Control Arms shared our message and infographic on an article about Arms control in the time of COVID-19 “The Global Campaign on Military Spending illustrates (Figure 1) how resources spent on militaries and weaponry could have been used today to address the COVID-19 pandemic. The International Campaign to Abolish Nuclear Weapons (ICAN) shared similar research, comparing the spending of nuclear arsenals vs. healthcare infrastructure. Several other organisations and individuals have weighed in on the issue, including Control Arms member Project Ploughshares on “Arms control diplomacy a worrying casualty of Covid-19” and the Women’s International League for Peace & Freedom (WILPF) in its ongoing Covid-19 blog series.
The Global Campaign on Peace Education shared the GDAMS statement and infographic on its website.
International Physicians for the Prevention of Nuclear War (IPPNW) shared GDAMS materials on their social networks.
Reaching Critical Will, the Disarmament Programme of WILPF, shared the Healthcare Not Warfare infographic on their social media and a thread related to UNODA occasional paper on military spending on the occasion of GDAMS.
Nobel Women called to action on the first day of GDAMS by sharing this message and picture: “Today marks beginning of several Global Days of Action on Military Spending! Let’s start with a powerful #FeministFriday from Nobel peace laureate @JodyWilliams97. It’s time to prioritize human security, especially relevant in light of the COVID-19 pandemic. #MoveTheMoney
ICAN shared the GDAMS infographic on April 28, after SIPRI’s release of new figures on military spending. “$1.9 trillion! SIPRI’s latest report reveals that in 2019 global military expenditure had its largest annual increase in a decade. Meanwhile, that money could have gone to life-saving equipment and human security: @DemilitarizeDay”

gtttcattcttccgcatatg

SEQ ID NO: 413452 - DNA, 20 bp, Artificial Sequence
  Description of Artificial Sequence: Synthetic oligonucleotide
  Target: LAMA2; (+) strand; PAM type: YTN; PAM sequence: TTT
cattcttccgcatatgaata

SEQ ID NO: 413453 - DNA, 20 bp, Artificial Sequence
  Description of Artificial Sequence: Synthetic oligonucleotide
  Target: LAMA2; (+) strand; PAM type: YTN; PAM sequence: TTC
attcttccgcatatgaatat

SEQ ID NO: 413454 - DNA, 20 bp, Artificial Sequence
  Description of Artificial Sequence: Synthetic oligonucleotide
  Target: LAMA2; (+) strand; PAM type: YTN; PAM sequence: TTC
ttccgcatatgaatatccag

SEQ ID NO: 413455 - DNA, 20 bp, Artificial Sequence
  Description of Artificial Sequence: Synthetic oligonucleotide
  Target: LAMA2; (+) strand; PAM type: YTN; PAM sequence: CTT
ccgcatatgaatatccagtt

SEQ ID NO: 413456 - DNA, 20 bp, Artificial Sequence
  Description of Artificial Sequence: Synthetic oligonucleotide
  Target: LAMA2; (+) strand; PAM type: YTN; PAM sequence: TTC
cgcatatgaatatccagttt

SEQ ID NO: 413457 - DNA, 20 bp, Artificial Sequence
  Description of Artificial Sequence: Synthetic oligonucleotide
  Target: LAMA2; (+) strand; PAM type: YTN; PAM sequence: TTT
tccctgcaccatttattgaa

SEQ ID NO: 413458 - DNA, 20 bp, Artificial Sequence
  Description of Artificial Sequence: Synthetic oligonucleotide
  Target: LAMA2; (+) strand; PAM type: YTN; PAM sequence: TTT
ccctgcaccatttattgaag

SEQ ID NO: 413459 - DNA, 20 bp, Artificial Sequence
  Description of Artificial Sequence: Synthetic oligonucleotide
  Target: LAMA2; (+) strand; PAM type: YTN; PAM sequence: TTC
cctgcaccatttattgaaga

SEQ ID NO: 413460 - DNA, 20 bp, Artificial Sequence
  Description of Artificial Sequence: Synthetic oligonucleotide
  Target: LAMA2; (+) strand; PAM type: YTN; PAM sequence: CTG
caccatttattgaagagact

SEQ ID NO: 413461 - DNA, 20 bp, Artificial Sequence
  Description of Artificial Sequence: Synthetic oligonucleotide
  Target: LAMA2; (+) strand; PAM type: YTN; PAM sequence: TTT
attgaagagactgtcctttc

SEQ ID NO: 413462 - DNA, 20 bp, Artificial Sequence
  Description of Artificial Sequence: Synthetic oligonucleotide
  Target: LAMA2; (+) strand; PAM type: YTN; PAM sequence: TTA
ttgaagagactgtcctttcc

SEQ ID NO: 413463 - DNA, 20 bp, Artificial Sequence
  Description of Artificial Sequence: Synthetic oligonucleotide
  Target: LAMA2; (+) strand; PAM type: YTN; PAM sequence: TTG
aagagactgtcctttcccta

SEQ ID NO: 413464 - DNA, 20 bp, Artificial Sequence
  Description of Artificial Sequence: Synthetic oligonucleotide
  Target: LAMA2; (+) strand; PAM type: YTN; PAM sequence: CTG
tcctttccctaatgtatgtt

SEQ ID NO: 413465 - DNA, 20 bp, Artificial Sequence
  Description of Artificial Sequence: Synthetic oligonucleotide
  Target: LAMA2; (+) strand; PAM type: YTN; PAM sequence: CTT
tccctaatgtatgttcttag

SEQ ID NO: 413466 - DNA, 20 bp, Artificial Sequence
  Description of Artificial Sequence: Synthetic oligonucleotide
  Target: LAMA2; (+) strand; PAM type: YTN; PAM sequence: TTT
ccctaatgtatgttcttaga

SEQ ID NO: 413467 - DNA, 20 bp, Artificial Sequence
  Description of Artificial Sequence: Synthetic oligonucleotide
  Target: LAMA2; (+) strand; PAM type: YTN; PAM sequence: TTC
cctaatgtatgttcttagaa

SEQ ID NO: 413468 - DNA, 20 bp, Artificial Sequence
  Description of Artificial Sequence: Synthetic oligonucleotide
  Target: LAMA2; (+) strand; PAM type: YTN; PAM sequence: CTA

The Stockholm International Peace Research Institute (SIPRI) referenced GDAMS when releasing their new figures on military expenditure on Twitter:
The way out from the COVID-19 crisis: will the EU work for peace or prepare for war? On Europe Day, the Global Days of Action on Military Spending (GDAMS) and the European Network Against Arms Trade (ENAAT) call the EU to fund peace, not arms dealers.
The EU High Representative Mr Borrell stated on April 24 that the world will look very different after the COVID-19 crisis and will depend on the choices made today. On the eve of Europe Day celebrating peace and unity, the EU bears a large responsibility for how this future will look like, and has a key choice to make: work for sustainable peace by seriously tackling the root causes of conflicts, or continue the path to militarism and prepare for war.
Global military spending saw its biggest increase in a decade in 2019, a growth Europe largely contributed to. The Global Days of Action on Military Spending (GDAMS) 2020 that are closing tomorrow brought attention to the vast opportunity costs of the current levels of military spending: 1.91 trillion US$ in 2019, almost $5 billion per day, $239 per person.